Tools For Teachers

Novels, if honestly researched and carefully written, make valuable springboards for studies in a number of areas outside English lit.  History, women’s studies, comparative religion, politics, technology—all enter into Laurie King’s novels. Here are some suggestions for how a few of the novels might fit into the curriculum.

 

The Mary Russell Books

The Beekeeper’s Apprentice. (1915-1919) The Great War looms large in the book—the sound of the big guns heard from the Sussex coast, rationing and civilian work, the daily disruption of normality, VAD nursing, and the women’s movement all enter the story line.

A Monstrous Regiment of Women. (1921) Russell comes of age. Women’s rights and social welfare in London, feminism and religion, and the lasting social and psychological effects of the Great War, for civilians and soldiers.

A Letter of Mary. (1923) The letter of the title is an ancient document that seems to say Mary Magdalene was one of the apostles. The religious and social sensibilities of the 1920s meet up with Russell’s studies of academic theology, touching lightly upon first-century Christianity.

O Jerusalem. (1919) Set in the early days of the British mandate of Palestine, the decisions made there by such men as General Allenby and T. E. Lawrence laid the groundwork for the Middle East we see today. Before the War, Christian, Muslim, and Jew co-existed without too much difficulty; under the British, they were soon in deadly rivalry. This book is set at that historical turning point.

Justice Hall. (1923) The British aristocracy through the huge post-war changes and the experience of shell shock (PTSD).

The Game. (1924) The Victorian Cold war.  Set on India’s north-west frontier, which eighty years ago faced most of the same issues it does now.  The book also touches on an earlier age of political intrigue and border skirmishes, made famous by Rudyard Kipling as “The Great Game.”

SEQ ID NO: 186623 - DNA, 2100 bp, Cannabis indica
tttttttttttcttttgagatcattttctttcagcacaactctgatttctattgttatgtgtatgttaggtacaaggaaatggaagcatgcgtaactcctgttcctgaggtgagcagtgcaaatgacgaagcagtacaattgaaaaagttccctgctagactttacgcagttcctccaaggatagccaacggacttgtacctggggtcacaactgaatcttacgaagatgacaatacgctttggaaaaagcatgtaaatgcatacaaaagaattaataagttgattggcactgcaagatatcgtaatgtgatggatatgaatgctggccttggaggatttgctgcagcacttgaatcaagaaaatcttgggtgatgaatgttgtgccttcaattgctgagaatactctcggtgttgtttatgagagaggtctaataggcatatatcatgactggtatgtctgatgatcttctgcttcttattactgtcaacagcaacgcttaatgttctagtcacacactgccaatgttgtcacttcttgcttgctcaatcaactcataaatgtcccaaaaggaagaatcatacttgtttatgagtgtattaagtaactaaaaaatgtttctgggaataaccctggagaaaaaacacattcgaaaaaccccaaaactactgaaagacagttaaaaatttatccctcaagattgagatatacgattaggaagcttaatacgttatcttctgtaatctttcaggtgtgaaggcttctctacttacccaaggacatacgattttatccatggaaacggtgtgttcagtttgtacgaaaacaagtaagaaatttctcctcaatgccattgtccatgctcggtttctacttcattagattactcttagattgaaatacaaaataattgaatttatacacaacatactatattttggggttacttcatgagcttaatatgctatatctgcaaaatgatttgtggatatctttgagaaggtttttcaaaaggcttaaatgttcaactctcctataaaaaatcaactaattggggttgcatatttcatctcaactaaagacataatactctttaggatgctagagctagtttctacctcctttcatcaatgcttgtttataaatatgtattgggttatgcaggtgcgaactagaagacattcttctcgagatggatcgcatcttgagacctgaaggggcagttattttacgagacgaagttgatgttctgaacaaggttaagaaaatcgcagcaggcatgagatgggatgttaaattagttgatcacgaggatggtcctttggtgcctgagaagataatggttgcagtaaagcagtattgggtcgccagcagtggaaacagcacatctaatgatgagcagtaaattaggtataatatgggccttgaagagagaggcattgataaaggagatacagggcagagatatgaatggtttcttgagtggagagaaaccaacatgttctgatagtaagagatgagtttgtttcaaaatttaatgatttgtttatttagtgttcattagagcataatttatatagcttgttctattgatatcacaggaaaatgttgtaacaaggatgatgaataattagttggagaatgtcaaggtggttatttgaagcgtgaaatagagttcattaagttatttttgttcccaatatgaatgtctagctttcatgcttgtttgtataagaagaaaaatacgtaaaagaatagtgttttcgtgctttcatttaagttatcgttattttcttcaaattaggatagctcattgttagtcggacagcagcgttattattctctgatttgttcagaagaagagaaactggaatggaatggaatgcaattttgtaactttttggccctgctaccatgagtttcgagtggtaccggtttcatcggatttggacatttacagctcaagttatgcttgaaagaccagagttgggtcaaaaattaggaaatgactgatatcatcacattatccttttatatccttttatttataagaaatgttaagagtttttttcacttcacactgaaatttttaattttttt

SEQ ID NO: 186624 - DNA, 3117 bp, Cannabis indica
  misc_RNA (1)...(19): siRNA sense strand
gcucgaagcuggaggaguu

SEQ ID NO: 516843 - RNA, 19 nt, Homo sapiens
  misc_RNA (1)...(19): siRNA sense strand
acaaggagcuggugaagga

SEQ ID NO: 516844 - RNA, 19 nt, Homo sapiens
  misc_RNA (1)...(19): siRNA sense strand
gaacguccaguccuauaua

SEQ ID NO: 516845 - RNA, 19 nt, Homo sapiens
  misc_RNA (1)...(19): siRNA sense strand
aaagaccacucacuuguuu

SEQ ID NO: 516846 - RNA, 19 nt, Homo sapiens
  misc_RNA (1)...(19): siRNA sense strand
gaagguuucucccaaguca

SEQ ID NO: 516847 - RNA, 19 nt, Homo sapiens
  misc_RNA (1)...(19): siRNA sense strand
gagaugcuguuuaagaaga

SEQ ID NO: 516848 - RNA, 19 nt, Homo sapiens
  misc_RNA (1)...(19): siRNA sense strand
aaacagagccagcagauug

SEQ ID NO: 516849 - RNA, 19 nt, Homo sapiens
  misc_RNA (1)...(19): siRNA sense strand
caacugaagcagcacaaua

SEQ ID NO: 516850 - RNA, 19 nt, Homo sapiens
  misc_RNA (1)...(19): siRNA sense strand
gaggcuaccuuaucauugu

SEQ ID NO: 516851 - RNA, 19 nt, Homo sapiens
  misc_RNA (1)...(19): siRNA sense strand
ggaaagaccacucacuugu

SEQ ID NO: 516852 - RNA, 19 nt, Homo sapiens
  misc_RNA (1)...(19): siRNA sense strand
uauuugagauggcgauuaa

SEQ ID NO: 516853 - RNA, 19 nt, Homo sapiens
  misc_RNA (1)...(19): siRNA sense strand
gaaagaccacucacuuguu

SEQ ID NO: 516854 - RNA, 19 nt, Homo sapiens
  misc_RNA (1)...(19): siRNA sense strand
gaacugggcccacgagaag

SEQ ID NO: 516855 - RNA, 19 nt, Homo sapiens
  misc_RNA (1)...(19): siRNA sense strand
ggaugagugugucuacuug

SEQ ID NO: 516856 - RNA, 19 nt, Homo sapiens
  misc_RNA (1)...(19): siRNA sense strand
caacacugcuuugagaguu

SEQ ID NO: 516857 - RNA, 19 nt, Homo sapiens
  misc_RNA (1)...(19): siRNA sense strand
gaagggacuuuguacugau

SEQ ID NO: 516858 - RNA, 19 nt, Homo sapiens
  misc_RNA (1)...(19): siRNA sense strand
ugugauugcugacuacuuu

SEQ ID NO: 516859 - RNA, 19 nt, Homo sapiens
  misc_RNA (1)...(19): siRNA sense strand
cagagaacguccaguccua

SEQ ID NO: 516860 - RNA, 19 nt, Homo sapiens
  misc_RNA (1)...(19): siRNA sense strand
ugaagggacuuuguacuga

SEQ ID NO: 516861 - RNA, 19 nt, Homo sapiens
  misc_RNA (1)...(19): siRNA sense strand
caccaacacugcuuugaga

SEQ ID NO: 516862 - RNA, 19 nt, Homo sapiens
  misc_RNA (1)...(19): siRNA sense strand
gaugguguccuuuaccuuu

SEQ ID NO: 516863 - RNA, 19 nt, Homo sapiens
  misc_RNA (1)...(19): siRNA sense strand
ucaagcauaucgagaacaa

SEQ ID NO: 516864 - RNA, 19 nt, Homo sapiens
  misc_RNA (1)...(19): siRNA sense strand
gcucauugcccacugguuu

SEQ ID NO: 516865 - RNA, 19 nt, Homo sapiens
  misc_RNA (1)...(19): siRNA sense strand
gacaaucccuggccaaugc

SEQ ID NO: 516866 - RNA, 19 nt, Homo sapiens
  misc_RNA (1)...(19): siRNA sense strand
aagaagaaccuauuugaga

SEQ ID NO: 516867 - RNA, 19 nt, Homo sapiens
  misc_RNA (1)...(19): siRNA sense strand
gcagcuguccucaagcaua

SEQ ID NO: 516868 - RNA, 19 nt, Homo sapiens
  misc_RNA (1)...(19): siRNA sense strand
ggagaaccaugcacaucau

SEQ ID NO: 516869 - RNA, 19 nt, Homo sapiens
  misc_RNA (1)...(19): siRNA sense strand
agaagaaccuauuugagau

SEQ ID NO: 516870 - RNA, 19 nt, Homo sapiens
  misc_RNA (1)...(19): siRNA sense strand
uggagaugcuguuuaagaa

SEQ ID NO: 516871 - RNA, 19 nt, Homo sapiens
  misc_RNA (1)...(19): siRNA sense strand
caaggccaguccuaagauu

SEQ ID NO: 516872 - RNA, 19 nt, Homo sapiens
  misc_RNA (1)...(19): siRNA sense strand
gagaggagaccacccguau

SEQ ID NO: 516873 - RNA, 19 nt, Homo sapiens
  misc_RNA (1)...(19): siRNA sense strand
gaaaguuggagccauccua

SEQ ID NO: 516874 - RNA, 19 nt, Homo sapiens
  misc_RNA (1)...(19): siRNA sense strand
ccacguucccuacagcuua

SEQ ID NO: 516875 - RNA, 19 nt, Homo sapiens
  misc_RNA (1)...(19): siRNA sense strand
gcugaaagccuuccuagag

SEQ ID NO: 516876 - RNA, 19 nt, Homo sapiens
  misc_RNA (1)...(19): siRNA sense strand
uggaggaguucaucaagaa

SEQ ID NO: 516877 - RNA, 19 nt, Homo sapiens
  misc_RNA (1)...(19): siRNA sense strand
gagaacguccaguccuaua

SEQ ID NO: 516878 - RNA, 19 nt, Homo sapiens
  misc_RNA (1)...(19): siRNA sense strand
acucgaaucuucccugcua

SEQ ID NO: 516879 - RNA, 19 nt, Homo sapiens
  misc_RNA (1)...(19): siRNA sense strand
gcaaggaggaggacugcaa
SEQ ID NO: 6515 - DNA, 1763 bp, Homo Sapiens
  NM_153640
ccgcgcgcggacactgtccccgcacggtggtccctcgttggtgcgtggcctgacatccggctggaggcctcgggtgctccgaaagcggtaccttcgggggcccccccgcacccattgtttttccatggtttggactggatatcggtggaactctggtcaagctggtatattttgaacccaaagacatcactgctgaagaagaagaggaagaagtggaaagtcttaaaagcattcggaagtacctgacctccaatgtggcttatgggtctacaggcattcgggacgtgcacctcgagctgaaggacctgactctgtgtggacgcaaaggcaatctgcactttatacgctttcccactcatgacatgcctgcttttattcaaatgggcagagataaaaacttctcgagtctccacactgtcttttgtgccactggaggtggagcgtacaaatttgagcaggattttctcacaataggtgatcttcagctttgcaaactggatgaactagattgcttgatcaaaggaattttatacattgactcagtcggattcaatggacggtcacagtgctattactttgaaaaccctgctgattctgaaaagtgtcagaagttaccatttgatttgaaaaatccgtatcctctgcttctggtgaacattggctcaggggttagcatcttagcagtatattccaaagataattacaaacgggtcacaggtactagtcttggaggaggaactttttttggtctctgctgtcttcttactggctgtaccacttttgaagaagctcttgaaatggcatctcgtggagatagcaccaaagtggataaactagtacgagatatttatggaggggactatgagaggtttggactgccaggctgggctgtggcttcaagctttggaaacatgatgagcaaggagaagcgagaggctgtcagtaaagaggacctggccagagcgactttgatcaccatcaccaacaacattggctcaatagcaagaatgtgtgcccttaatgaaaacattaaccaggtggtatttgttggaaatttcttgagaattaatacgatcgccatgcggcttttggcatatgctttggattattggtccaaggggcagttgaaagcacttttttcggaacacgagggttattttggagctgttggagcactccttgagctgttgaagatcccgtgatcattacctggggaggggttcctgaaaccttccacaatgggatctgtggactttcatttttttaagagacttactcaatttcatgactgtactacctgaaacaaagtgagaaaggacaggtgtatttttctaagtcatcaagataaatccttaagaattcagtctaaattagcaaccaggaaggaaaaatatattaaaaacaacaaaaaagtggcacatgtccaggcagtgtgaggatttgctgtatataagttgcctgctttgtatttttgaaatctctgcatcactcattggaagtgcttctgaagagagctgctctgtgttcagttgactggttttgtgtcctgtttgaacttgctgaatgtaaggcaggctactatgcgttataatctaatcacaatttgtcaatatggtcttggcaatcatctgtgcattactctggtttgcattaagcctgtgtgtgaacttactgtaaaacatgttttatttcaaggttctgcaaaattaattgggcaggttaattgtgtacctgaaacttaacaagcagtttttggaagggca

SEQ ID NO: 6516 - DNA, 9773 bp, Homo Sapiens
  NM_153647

Garment of Shadows (1924) looks at the beginnings of colonial revolt in north Africa, with the Rif Rebellion under the French in Morocco.

 

The Kate Martinelli Books

A Grave Talent. Kate Martinelli, with the San Francisco Police Department, encounters a “woman Rembrandt,” and wrestles with the question of why there have been so few great women artists.

To Play the Fool finds a “holy fool” in modern society, with questions raised about monastic self-discipline, the dangers of an overly structured society, our responsibility to the homeless, and religion as both freedom and straight-jacket.

With Child explores the issues of homeless adolescents and the creatures that prey upon them.

 

The Stand-Alone Novels

A Darker Place explores how a religion is built, when a “cult” becomes mainstream, and the psychological makeup of those who join.

Folly is the story of a psychologically troubled woman who goes to a deserted Pacific Northwest island to rebuild the house of her great-uncle, a man damaged by his experiences in the Great War. The actual wood-and stones building of the house forms the paradigm of her rebuilding of her life, from the foundation up, and the island solitude leads her to a community.

Keeping Watch, also set partly in the Pacific Northwest, follows the lives of Allen Carmichael, who barely survives the devastation of the Vietnam War, and of young Jamie O’Connell, survivor of a devastating childhood. What makes a killer? Why does one person succumb, while another stands against oppression, and finds the strength to help others?

Touchstone (set in 1926) looks at England during the General Strike and explores the question of why a person performs an act of terrorism.

 

 

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